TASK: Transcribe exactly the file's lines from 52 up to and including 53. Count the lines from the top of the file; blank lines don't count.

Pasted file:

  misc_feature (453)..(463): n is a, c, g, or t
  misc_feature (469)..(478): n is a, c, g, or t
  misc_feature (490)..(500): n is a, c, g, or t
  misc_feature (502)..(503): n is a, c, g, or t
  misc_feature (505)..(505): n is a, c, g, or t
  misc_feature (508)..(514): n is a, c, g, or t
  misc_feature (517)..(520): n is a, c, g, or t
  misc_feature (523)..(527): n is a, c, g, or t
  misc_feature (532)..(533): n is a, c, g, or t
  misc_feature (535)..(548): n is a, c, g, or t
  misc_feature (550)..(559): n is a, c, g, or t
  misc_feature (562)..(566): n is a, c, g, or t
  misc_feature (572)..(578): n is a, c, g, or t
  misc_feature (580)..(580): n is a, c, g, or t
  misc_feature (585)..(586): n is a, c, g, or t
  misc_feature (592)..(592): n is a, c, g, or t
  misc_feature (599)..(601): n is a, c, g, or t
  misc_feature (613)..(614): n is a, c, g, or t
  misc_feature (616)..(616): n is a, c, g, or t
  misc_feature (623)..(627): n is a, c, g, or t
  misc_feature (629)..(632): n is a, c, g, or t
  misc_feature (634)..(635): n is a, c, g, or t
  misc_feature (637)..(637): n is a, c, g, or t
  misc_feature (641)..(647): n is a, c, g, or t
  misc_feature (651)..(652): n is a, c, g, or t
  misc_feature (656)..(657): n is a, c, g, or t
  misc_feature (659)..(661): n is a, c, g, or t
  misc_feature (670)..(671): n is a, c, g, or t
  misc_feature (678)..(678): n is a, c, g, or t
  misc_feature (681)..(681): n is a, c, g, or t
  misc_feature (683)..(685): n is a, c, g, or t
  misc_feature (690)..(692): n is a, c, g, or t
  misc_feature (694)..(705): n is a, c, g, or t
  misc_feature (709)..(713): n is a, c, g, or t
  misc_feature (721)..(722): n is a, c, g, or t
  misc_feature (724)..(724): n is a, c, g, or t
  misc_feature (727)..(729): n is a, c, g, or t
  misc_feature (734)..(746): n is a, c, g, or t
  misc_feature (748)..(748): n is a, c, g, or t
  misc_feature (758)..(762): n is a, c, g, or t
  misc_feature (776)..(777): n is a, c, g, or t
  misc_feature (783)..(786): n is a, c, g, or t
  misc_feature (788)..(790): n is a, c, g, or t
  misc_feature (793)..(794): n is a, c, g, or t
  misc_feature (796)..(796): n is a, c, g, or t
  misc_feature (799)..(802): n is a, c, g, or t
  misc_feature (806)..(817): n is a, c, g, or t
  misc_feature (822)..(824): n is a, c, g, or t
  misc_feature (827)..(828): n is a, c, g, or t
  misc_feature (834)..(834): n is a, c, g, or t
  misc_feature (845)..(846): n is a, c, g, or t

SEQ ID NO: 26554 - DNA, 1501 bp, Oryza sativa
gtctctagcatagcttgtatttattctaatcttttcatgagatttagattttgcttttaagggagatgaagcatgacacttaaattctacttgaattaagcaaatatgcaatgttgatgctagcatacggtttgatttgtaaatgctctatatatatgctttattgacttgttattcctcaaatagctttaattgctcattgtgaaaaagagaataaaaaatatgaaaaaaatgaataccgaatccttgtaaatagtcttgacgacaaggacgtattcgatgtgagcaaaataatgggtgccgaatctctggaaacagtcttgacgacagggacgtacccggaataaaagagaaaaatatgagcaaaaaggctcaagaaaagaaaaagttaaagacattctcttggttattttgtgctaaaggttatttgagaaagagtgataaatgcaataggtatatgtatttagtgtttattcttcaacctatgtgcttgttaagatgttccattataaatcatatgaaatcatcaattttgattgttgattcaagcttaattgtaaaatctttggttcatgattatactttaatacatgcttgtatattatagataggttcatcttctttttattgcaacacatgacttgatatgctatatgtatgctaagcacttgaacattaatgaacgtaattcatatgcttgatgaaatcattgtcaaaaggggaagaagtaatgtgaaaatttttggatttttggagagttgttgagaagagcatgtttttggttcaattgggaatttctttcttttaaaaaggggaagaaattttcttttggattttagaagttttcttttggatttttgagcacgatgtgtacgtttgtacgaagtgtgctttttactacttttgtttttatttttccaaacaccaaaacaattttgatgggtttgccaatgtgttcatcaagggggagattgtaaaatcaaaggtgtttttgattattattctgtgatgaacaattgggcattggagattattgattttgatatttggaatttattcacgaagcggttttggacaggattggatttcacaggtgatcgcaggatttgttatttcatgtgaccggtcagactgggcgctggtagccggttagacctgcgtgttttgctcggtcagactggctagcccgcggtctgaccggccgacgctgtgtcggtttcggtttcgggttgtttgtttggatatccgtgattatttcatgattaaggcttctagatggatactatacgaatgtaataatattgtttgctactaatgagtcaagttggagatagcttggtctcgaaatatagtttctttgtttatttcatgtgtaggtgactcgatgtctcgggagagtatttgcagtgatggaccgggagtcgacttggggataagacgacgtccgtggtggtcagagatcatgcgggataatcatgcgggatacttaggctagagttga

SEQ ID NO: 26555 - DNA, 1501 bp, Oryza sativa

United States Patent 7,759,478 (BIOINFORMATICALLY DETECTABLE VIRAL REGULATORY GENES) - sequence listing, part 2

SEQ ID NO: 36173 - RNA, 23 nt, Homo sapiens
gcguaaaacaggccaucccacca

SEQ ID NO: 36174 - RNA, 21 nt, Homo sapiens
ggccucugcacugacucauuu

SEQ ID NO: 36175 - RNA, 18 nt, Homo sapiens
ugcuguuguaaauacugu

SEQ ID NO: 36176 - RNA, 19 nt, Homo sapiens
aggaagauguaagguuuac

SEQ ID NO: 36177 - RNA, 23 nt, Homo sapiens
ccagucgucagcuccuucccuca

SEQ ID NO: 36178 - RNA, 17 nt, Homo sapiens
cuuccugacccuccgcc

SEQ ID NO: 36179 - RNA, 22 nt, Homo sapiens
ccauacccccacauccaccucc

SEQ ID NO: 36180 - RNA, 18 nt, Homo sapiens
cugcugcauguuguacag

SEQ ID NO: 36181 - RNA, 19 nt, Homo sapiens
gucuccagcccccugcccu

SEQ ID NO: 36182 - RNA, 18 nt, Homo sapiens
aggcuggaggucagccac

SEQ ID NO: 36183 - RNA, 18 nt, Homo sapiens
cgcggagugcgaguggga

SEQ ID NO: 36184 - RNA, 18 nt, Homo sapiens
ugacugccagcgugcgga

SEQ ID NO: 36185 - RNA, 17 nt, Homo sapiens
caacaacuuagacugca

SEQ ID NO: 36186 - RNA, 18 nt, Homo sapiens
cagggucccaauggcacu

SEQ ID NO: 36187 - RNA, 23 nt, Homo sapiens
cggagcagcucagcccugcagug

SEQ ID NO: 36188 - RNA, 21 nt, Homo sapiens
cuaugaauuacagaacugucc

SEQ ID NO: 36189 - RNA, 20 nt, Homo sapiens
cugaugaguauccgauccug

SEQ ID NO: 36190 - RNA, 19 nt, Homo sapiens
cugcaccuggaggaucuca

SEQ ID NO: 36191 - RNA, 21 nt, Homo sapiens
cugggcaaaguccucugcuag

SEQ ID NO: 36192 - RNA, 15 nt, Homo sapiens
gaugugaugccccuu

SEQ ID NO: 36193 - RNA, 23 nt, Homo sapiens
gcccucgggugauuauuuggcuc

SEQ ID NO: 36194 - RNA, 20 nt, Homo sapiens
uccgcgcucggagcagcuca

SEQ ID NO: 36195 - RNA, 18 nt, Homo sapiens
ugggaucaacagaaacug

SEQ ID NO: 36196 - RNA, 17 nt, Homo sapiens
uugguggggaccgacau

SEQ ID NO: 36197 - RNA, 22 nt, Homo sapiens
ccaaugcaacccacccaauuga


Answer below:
SEQ ID NO: 26554 - DNA, 1501 bp, Oryza sativa
gtctctagcatagcttgtatttattctaatcttttcatgagatttagattttgcttttaagggagatgaagcatgacacttaaattctacttgaattaagcaaatatgcaatgttgatgctagcatacggtttgatttgtaaatgctctatatatatgctttattgacttgttattcctcaaatagctttaattgctcattgtgaaaaagagaataaaaaatatgaaaaaaatgaataccgaatccttgtaaatagtcttgacgacaaggacgtattcgatgtgagcaaaataatgggtgccgaatctctggaaacagtcttgacgacagggacgtacccggaataaaagagaaaaatatgagcaaaaaggctcaagaaaagaaaaagttaaagacattctcttggttattttgtgctaaaggttatttgagaaagagtgataaatgcaataggtatatgtatttagtgtttattcttcaacctatgtgcttgttaagatgttccattataaatcatatgaaatcatcaattttgattgttgattcaagcttaattgtaaaatctttggttcatgattatactttaatacatgcttgtatattatagataggttcatcttctttttattgcaacacatgacttgatatgctatatgtatgctaagcacttgaacattaatgaacgtaattcatatgcttgatgaaatcattgtcaaaaggggaagaagtaatgtgaaaatttttggatttttggagagttgttgagaagagcatgtttttggttcaattgggaatttctttcttttaaaaaggggaagaaattttcttttggattttagaagttttcttttggatttttgagcacgatgtgtacgtttgtacgaagtgtgctttttactacttttgtttttatttttccaaacaccaaaacaattttgatgggtttgccaatgtgttcatcaagggggagattgtaaaatcaaaggtgtttttgattattattctgtgatgaacaattgggcattggagattattgattttgatatttggaatttattcacgaagcggttttggacaggattggatttcacaggtgatcgcaggatttgttatttcatgtgaccggtcagactgggcgctggtagccggttagacctgcgtgttttgctcggtcagactggctagcccgcggtctgaccggccgacgctgtgtcggtttcggtttcgggttgtttgtttggatatccgtgattatttcatgattaaggcttctagatggatactatacgaatgtaataatattgtttgctactaatgagtcaagttggagatagcttggtctcgaaatatagtttctttgtttatttcatgtgtaggtgactcgatgtctcgggagagtatttgcagtgatggaccgggagtcgacttggggataagacgacgtccgtggtggtcagagatcatgcgggataatcatgcgggatacttaggctagagttga